Some conservatives are disappointed that Republicans such as Sens. Joni Ernst, Mike Lee, Marco Rubio and Mitt Romney, and Reps. Ann Wagner and Dan Crenshaw propose reforming Social Security to give parents the option to take a share of their benefits for parental leave, a concept first introduced by the Independent Women’s Forum.
In The Federalist, for instance, Joy Pullmann wrote: “To shuffle government subsidies while steadfastly refusing to get the country’s finances in order is surreally irresponsible — and from the party that promotes itself as the fiscally responsible ones, no less.”
She is certainly right that it’s irresponsible not to prioritize making Social Security sustainable. I’m confident that everyone who supports the IWF’s Social Security Earned Leave (SSEL) concept would applaud commonsense changes to Social Security’s future benefits to bring the program’s costs in line with its projected income.
However, it’s unclear why, absent a grand bargain making Social Security sustainable, modernizing Social Security to give parents some control over when they collect benefits is “surreally irresponsible.” SSEL doesn’t increase how much anyone gets from Social Security. It just gives people more flexibility over timing.
Yes, some benefits will be taken earlier, and deferrals come later at retirement. But the proposed parental leave benefits are a modest puddle in Social Security’s ocean of retirement and disability payments. Initial estimates found that SSEL would advance the Social Security Trust Fund’s insolvency by a couple of months. The new proposals specify that transition funding will be used to ensure that the trust fund is unaffected.
More importantly, conservatives have long understood that the trust fund, which holds government bonds, is just an intra-governmental accounting device that distracts from Social Security’s fundamental structural problems of having promised more retirement benefits than it can afford with current payroll taxes. This is true now and would remain true if SSEL passed. Passing SSEL won’t make fixing Social Security meaningfully harder or easier.
Some also see SSEL as another step away from limited government and personal responsibility. Ms. Pullmann writes: “It seems most Republicans still believe that taxpayers are the appropriate sponsors of every single possible wish that an American could have, rather than seeing government as a constitutionally limited institution “
I understand her frustration: Government has taken over far too much of private life. Yet, casting SSEL as an expansion of government overlooks how government already effectively is in the paid leave business. Currently, 17 percent of workers, and nearly 50 percent for low-income workers, who lack paid parental leave go on government assistance to finance leave. In other words, taxpayers already frequently “sponsor” leave through existing safety net programs.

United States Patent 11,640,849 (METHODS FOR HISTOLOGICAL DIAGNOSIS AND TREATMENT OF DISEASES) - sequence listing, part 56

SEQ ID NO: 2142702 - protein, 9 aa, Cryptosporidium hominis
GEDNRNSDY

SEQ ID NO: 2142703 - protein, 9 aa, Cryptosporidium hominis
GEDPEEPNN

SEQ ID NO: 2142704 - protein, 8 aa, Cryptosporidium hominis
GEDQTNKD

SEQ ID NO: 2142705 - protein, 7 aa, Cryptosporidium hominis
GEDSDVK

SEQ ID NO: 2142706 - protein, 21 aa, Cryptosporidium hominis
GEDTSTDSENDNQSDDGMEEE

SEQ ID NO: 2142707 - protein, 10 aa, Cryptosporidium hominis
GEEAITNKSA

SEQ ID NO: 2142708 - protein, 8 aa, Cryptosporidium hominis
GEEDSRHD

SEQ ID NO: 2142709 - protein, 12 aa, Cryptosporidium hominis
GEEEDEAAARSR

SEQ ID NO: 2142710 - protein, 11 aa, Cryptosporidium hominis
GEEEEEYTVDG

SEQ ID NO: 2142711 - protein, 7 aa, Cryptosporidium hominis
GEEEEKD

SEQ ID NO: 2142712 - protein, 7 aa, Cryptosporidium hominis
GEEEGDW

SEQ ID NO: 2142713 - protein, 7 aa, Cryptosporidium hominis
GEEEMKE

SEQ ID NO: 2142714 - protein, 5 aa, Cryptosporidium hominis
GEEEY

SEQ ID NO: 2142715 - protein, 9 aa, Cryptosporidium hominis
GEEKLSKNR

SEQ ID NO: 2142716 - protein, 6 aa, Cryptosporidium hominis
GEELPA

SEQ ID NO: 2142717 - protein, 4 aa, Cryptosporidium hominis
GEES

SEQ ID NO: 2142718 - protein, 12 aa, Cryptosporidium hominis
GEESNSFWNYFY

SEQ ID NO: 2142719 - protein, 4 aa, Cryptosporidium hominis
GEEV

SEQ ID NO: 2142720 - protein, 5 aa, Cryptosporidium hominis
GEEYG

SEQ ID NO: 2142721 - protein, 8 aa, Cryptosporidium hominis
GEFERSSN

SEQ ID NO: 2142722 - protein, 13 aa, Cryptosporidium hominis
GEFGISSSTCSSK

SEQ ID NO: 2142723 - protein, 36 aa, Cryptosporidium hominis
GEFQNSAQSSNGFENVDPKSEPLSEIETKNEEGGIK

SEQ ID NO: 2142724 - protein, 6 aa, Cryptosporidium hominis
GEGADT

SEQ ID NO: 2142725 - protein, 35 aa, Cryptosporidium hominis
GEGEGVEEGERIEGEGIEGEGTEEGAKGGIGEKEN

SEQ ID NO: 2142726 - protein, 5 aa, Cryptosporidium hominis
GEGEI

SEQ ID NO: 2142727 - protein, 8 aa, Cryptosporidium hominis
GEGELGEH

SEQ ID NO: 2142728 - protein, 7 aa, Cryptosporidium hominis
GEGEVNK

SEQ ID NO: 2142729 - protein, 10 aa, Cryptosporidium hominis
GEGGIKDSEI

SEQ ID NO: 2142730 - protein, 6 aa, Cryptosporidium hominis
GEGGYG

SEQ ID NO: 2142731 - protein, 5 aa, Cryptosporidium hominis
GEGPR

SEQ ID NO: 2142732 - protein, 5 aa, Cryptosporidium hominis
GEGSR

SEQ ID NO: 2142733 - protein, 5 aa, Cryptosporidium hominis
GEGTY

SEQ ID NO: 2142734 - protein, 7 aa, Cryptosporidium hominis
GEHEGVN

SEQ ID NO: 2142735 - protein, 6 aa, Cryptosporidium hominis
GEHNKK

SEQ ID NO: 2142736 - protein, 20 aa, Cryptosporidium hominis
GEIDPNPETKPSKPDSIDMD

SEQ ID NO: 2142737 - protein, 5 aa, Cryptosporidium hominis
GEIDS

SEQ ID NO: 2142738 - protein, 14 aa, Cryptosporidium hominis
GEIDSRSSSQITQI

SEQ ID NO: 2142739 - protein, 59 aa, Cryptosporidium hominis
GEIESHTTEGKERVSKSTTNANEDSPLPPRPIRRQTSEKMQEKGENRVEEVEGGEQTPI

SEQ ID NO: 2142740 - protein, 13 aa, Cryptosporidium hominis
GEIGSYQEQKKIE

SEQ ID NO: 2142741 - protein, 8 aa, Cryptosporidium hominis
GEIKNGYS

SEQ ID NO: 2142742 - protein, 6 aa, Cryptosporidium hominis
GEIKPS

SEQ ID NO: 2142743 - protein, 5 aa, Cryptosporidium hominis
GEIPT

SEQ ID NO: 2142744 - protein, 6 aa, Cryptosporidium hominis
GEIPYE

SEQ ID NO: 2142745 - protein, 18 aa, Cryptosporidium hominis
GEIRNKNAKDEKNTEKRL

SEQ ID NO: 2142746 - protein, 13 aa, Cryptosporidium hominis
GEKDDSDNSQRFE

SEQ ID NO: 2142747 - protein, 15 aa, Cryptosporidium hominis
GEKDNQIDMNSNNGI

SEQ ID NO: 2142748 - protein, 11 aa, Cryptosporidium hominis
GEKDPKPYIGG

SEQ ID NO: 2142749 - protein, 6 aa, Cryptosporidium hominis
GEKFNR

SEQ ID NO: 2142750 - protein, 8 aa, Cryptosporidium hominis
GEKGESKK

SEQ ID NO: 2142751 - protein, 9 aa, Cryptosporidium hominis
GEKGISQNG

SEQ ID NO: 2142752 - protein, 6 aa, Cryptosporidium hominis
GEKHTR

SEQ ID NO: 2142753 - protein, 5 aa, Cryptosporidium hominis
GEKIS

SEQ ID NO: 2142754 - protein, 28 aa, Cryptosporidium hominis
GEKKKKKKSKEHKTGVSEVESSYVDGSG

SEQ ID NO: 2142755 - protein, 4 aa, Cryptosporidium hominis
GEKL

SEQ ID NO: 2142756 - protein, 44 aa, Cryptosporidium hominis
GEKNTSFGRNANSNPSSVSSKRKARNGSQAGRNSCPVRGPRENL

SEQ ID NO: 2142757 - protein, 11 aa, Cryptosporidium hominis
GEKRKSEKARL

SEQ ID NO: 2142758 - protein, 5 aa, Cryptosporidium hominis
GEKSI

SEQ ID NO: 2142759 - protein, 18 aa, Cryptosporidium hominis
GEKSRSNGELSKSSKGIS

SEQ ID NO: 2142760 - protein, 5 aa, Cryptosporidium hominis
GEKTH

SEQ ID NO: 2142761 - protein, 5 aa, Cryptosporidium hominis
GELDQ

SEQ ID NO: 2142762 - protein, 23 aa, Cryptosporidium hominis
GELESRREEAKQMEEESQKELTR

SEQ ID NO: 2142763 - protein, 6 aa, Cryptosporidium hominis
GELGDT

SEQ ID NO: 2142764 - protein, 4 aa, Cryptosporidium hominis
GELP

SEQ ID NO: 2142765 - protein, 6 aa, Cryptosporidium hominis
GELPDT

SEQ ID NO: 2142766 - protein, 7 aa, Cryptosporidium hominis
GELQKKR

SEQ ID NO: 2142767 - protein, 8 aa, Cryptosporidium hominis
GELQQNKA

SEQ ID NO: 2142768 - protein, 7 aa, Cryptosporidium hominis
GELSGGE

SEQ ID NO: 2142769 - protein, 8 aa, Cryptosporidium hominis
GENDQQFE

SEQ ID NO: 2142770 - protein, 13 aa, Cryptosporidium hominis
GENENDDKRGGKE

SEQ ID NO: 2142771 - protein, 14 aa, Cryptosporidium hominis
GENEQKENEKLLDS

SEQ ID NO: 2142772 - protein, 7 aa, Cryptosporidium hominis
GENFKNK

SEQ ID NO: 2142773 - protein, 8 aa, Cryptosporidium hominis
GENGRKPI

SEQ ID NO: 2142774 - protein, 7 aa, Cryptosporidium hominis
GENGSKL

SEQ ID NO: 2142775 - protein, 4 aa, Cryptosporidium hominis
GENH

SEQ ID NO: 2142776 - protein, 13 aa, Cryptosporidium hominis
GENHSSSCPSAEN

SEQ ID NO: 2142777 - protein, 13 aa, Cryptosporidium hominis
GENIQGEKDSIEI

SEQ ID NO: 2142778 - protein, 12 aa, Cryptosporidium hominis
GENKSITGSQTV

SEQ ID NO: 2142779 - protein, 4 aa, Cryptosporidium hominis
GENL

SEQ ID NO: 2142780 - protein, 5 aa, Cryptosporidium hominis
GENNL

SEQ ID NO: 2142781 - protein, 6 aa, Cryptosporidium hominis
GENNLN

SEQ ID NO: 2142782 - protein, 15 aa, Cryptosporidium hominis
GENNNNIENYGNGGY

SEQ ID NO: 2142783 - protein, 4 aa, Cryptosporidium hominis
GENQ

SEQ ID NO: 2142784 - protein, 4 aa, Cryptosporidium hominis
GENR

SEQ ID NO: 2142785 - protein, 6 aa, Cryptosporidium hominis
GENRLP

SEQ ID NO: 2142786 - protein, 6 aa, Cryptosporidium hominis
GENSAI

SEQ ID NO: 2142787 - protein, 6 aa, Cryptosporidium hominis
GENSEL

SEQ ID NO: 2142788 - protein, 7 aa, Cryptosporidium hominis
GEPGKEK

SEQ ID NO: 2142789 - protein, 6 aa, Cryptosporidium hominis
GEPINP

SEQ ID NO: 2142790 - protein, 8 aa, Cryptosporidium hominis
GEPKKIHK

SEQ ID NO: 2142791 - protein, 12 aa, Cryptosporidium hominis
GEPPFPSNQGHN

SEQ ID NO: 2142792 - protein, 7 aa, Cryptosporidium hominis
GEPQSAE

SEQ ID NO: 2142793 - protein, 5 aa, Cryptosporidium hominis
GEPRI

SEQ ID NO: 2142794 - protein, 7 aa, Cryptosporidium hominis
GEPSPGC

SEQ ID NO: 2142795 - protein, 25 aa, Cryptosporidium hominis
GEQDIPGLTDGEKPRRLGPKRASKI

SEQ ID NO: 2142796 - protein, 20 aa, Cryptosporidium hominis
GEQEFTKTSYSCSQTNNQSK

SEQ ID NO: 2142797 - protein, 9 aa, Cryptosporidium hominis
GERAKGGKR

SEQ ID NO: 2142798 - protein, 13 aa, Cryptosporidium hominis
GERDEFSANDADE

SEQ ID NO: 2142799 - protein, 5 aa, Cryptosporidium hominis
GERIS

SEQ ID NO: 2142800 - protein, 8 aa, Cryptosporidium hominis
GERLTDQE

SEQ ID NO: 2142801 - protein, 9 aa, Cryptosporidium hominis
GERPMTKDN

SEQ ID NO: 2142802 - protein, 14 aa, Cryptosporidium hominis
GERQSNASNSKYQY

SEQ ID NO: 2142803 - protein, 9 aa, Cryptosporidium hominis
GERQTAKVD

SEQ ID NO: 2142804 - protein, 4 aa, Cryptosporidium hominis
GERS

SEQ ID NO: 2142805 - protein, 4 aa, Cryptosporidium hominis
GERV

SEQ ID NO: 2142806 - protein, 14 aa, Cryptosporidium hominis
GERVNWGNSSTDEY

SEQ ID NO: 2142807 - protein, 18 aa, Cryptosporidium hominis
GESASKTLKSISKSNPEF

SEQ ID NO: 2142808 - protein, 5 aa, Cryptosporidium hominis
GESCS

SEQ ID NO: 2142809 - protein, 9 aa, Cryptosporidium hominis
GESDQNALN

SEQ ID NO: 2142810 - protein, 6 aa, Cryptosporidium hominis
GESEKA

And importantly, SSEL, unlike every other government safety net program, comes with a trade-off so that costs aren’t shifted to taxpayers. In fact, if SSEL encourages some who would have taken other forms of government assistance to instead essentially take a loan from Social Security and return to work (and therefore resume paying taxes, helping Social Security’s bottomline), this could reduce government dependence, rather than add to it.
Some are also concerned that SSEL sends the message that parents (particularly mothers) shouldn’t take more than a month or two out of the workforce after having a baby: Her job is to hurry up, stick the baby in day care and get back to work. This undermines the value of stay-at-home moms and the understanding that caring for children isn’t a distraction, but the priority and really requires two parents, one to earn and another to provide loving care.
This is a worthy consideration. Stay-at-home parents provide tremendous value, not just to families, but their communities. That message shouldn’t be lost. One of the benefits of SSEL is that — unlike other paid-leave proposals which tax all workers — this approach doesn’t create new costs and make it harder for families with a single earner. Only those who opt to take the benefit are affected by SSEL.
But the reality is that 40 percent of babies born today are to a single parent. If that woman can’t work, then she is likely to have trouble supporting herself and need government aid. The longer she stays out of the workforce and on welfare, the harder it will be for her to get off and become self-sufficient.
While there are tremendous benefits for babies and young children to be cared for full-time by loving parents, there are also benefits to children growing up in households with employed and self-sufficient parents. That’s why we structure other support programs to provide temporary assistance, and encourage people who are able to work to do so, to minimize the problems associated with long-term dependency.
Ideally, all children would have the support of two parents and a larger community. But we aren’t close to that today. That doesn’t mean we give up on that vision: We need to make sure that government programs don’t push us further from that direction. But we also can’t ignore the role government already plays today or give up on reforming existing programs to make them more efficient at providing short-term assistance, rather than fostering long-term dependency.
Certainly there are drawbacks and political risks to SSEL. But there are also tremendous drawbacks and risks to continuing with the status quo, as well as to enacting a more sweeping new paid leave entitlement program. That’s why it’s important to debate these options thoroughly to find the path that’s true to our ideals, but not ignorant of reality.